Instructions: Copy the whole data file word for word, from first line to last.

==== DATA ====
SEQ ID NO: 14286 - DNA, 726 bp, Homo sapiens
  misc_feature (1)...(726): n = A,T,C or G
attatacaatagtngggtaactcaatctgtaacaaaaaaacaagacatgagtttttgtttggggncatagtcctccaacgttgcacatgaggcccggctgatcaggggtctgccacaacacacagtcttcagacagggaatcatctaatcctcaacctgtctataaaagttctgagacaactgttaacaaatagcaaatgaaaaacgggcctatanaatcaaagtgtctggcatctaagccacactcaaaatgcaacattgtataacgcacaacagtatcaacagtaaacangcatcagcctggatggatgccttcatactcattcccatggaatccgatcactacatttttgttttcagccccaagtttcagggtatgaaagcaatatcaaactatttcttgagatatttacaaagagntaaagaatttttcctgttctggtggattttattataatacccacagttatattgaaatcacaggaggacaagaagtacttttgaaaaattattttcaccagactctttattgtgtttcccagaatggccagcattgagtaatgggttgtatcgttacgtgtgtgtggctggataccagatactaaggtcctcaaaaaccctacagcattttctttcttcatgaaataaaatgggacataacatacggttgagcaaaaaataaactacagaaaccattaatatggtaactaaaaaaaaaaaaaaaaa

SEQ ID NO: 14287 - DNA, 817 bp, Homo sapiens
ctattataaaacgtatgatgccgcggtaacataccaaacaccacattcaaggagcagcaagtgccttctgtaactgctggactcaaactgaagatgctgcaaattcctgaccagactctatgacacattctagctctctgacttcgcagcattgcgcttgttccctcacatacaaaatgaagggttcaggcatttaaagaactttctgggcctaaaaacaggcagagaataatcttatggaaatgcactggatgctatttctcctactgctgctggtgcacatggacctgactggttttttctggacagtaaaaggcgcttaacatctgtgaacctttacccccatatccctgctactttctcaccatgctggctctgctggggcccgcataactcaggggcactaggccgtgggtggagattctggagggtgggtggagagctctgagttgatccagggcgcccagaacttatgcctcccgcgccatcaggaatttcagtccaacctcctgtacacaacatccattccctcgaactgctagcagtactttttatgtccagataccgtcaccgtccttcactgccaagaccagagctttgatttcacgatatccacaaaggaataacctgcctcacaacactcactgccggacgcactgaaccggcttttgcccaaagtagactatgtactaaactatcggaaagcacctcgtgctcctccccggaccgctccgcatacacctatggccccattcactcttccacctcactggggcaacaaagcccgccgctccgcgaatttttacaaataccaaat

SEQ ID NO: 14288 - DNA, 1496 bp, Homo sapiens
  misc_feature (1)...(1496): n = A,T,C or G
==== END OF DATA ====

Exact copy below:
SEQ ID NO: 14286 - DNA, 726 bp, Homo sapiens
  misc_feature (1)...(726): n = A,T,C or G
attatacaatagtngggtaactcaatctgtaacaaaaaaacaagacatgagtttttgtttggggncatagtcctccaacgttgcacatgaggcccggctgatcaggggtctgccacaacacacagtcttcagacagggaatcatctaatcctcaacctgtctataaaagttctgagacaactgttaacaaatagcaaatgaaaaacgggcctatanaatcaaagtgtctggcatctaagccacactcaaaatgcaacattgtataacgcacaacagtatcaacagtaaacangcatcagcctggatggatgccttcatactcattcccatggaatccgatcactacatttttgttttcagccccaagtttcagggtatgaaagcaatatcaaactatttcttgagatatttacaaagagntaaagaatttttcctgttctggtggattttattataatacccacagttatattgaaatcacaggaggacaagaagtacttttgaaaaattattttcaccagactctttattgtgtttcccagaatggccagcattgagtaatgggttgtatcgttacgtgtgtgtggctggataccagatactaaggtcctcaaaaaccctacagcattttctttcttcatgaaataaaatgggacataacatacggttgagcaaaaaataaactacagaaaccattaatatggtaactaaaaaaaaaaaaaaaaa

SEQ ID NO: 14287 - DNA, 817 bp, Homo sapiens
ctattataaaacgtatgatgccgcggtaacataccaaacaccacattcaaggagcagcaagtgccttctgtaactgctggactcaaactgaagatgctgcaaattcctgaccagactctatgacacattctagctctctgacttcgcagcattgcgcttgttccctcacatacaaaatgaagggttcaggcatttaaagaactttctgggcctaaaaacaggcagagaataatcttatggaaatgcactggatgctatttctcctactgctgctggtgcacatggacctgactggttttttctggacagtaaaaggcgcttaacatctgtgaacctttacccccatatccctgctactttctcaccatgctggctctgctggggcccgcataactcaggggcactaggccgtgggtggagattctggagggtgggtggagagctctgagttgatccagggcgcccagaacttatgcctcccgcgccatcaggaatttcagtccaacctcctgtacacaacatccattccctcgaactgctagcagtactttttatgtccagataccgtcaccgtccttcactgccaagaccagagctttgatttcacgatatccacaaaggaataacctgcctcacaacactcactgccggacgcactgaaccggcttttgcccaaagtagactatgtactaaactatcggaaagcacctcgtgctcctccccggaccgctccgcatacacctatggccccattcactcttccacctcactggggcaacaaagcccgccgctccgcgaatttttacaaataccaaat

SEQ ID NO: 14288 - DNA, 1496 bp, Homo sapiens
  misc_feature (1)...(1496): n = A,T,C or G